HealthWorks for Northern Virginia, the financially troubled nonprofit health service provider charged by the Loudoun County Board of Supervisors with improving its productivity before it could receive additional county funding, is making progress toward its goals, the organization’s chief executive says.

The organization, which runs community health centers for low-income and uninsured people in Leesburg and Herndon, exceeded its productivity goals for June and July, said Carol Jameson, interim chief executive. HealthWorks also received letters of support from two area hospitals that serve as key partners with the community health centers in providing health care to people without health insurance.

“Our staff and board of directors have worked tirelessly over the past four months to improve our systems and address the other factors which contributed to our financial difficulty,” Jameson said. “I am very pleased to report we are now achieving the operational goals that will ensure we are successful over the long term and able to continue providing much-needed health and dental services to the Loudoun and Fairfax communities.”

The improved productivity measures and support from the hospitals are critical to HealthWorks’ bid for additional financial assistance from Loudoun. After being approved for a $176,000 county grant on July 2, HealthWorks requested an additional $400,000 contribution from the county Board of Supervisors the following week.

The board deferred acting on that request until September, after several board members said they wanted to give HealthWorks two more months to demonstrate that its financial situation was improving before they would agree to commit additional county funds to the nonprofit group.

Low productivity, measured by the number of patient visits per provider, was one of the main factors that contributed to HealthWorks’ tenuous financial situation, officials said. In April, when HealthWorks officials first requested financial assistance from the Board of Supervisors, it was operating at a $100,000 monthly deficit and had no cash reserves.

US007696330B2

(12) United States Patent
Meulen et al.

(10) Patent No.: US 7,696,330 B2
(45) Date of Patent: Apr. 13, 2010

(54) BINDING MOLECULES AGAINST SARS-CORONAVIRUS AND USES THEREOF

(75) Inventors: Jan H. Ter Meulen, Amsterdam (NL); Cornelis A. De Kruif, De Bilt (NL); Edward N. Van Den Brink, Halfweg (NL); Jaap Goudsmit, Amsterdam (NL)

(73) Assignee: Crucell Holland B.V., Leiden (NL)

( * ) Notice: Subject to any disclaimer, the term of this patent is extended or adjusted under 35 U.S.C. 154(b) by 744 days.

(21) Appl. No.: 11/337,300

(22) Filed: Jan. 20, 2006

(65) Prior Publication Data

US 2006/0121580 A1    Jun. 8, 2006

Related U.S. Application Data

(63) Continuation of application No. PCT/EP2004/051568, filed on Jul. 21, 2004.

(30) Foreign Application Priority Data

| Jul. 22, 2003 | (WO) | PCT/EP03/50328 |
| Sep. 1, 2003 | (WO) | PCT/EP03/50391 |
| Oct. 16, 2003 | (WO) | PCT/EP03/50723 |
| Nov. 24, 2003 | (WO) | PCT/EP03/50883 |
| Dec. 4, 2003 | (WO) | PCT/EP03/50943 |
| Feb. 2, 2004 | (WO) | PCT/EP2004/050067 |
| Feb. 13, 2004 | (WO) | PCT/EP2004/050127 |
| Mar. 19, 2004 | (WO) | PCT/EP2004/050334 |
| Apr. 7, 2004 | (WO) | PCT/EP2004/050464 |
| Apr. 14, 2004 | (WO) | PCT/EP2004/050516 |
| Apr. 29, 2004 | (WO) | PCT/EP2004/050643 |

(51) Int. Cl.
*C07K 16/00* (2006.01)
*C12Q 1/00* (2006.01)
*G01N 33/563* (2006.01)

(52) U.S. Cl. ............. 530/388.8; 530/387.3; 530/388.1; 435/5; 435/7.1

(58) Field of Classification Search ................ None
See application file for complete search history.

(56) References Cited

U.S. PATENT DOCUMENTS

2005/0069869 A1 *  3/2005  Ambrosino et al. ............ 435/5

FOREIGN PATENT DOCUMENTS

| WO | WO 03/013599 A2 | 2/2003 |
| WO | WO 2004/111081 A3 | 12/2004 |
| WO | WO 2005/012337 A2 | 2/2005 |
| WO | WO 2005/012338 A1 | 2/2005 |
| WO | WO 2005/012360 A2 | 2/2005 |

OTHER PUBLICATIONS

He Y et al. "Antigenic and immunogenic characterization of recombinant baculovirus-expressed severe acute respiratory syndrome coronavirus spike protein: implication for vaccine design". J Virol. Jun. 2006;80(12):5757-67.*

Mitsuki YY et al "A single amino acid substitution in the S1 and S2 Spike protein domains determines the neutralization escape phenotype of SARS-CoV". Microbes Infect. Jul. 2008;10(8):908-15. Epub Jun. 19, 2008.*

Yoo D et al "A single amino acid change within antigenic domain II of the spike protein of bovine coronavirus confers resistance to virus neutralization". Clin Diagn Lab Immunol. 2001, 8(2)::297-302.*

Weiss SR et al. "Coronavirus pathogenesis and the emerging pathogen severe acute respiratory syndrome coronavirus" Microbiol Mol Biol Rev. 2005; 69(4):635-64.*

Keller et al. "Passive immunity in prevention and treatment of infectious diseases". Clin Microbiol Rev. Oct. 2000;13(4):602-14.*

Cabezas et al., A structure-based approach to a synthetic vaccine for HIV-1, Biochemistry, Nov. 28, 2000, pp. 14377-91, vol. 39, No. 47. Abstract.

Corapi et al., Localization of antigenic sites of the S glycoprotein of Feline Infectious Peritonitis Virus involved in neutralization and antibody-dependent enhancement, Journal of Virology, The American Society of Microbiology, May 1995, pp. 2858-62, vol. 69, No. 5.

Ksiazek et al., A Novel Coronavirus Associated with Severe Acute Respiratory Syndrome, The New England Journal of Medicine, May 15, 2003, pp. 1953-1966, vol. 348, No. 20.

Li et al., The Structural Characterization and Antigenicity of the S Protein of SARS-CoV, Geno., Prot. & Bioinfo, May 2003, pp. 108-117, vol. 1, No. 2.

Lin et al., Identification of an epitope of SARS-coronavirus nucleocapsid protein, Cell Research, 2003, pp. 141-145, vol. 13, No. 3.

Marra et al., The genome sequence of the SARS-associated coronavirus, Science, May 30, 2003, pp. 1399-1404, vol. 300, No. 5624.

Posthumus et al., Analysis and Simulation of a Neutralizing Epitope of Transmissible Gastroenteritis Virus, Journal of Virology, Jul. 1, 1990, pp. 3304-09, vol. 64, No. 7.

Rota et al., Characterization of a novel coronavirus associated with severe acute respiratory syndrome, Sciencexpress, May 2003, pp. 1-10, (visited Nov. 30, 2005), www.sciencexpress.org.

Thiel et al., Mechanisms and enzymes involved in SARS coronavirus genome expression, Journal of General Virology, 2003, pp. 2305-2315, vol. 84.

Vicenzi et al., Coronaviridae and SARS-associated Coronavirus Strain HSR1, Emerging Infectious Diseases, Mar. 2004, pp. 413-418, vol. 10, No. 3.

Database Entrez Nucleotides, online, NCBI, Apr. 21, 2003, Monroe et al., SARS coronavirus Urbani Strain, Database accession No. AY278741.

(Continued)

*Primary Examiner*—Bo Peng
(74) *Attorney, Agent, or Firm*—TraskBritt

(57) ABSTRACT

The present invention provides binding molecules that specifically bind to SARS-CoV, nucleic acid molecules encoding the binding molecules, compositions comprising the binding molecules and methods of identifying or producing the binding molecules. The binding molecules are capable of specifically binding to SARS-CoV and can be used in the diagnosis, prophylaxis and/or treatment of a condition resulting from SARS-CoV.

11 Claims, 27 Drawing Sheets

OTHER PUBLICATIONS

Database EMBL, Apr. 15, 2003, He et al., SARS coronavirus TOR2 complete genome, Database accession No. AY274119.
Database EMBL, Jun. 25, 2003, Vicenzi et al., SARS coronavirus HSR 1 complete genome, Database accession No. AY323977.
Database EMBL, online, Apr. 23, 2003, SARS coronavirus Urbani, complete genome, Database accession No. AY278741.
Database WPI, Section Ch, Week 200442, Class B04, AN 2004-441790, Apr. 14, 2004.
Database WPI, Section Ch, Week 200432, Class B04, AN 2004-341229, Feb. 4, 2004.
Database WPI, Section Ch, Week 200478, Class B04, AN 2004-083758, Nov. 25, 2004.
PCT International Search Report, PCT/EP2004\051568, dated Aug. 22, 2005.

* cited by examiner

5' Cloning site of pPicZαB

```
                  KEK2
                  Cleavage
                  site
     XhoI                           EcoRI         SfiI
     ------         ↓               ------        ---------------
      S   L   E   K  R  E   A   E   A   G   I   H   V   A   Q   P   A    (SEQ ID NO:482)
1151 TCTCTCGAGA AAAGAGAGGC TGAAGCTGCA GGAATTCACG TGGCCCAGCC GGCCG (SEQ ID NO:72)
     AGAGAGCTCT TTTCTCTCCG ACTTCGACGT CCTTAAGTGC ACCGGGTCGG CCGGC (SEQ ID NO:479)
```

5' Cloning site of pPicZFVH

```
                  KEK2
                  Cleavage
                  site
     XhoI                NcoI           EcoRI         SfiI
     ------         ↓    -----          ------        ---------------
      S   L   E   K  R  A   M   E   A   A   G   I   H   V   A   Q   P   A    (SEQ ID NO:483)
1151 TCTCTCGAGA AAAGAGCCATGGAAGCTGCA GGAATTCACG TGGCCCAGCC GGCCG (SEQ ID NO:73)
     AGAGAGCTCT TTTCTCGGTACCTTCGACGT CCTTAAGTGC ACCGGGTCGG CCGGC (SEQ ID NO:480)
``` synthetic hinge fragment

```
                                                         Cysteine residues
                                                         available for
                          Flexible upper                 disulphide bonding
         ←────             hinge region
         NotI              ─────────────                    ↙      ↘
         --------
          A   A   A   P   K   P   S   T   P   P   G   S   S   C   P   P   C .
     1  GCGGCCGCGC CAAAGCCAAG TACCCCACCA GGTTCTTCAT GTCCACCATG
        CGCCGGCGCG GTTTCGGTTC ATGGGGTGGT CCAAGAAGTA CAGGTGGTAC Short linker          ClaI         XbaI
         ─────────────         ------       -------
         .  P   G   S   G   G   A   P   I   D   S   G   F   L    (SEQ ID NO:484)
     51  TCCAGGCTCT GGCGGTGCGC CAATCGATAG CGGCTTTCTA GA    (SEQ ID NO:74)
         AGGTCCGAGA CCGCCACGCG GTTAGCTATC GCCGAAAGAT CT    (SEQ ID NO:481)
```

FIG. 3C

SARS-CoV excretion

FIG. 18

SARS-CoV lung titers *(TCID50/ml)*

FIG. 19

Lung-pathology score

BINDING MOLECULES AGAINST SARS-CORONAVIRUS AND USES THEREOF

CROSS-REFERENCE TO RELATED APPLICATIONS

Since then, HealthWorks has met or exceeded its productivity goals every month, Jameson said. “It’s going very, very well,” she said, adding that she was hopeful the trend would continue this month.

On July 8, the board’s Finance, Government Services and Operations Committee discussed HealthWorks’ request for $400,000 in county funding. County Administrator Tim Hemstreet recommended that the county develop a memorandum of understanding with HealthWorks that included performance measures for the organization to meet to receive the funds.

“I have very strong concerns about the optimism in your recovery plan,” committee Chairman Ralph M. Buona (R-Ashburn) told HealthWorks officials. “I think it’s very important that this [memorandum of understanding] gives you the incentives to move forward, and at the same time protects taxpayers.”

HealthWorks officials said that the organization had improved its productivity measures through operational improvements and by reducing the size of its medical staff. HealthWorks also reduced costs by closing its Sterling center May 5, Jameson said.

Jameson told the committee that HealthWorks also planned to improve its bottom line by increasing the percentage of its insured patients. Although only 7 percent of HealthWorks’ current patients have insurance, she estimated that 15 to 18 percent of its patients were eligible for coverage under the Affordable Care Act. She also said that HealthWorks would develop a plan to better market its services to the general public, including people with health insurance.

Supervisors voted unanimously to direct county staff members to work with HealthWorks to develop a memorandum of understanding. The finance committee is scheduled to revisit HealthWorks’ funding request Sept. 9.

HealthWorks’ case for receiving additional county funding may have been bolstered by letters of support it received last month from HCA and Inova, which operate area hospitals.

“Both Loudoun and Fairfax counties are fortunate to have community health centers that provide not only high-quality primary health care, but also integrated dental and behavioral health care,” John Deardorff, chief executive of HCA-operated Reston Hospital, said in a July 14 letter.

Deardorff said he is confident that HealthWorks is taking the “needed steps to appropriately reorganize and become more efficient given their constraints and the current status of the health-care landscape.”

H. Patrick Walters, Inova Loudoun Hospital chief executive, said in a July 10 letter that he thinks “the new leadership at HealthWorks is developing and implementing appropriate business practices that will lead to financial stability for the organization.” He said that the primary care provided by HealthWorks helps ensure that “patients receive timely sick and preventive care and do not unnecessarily tie up the emergency department and other resources.”

Walters said in an interview that HealthWorks still “has a ways to go” to demonstrate that it will be able to attain financial stability.

“The critical feature of every good plan is execution,” Walters said. “It’s not a slam-dunk by any means.”

Jim Barnes is a freelance writer.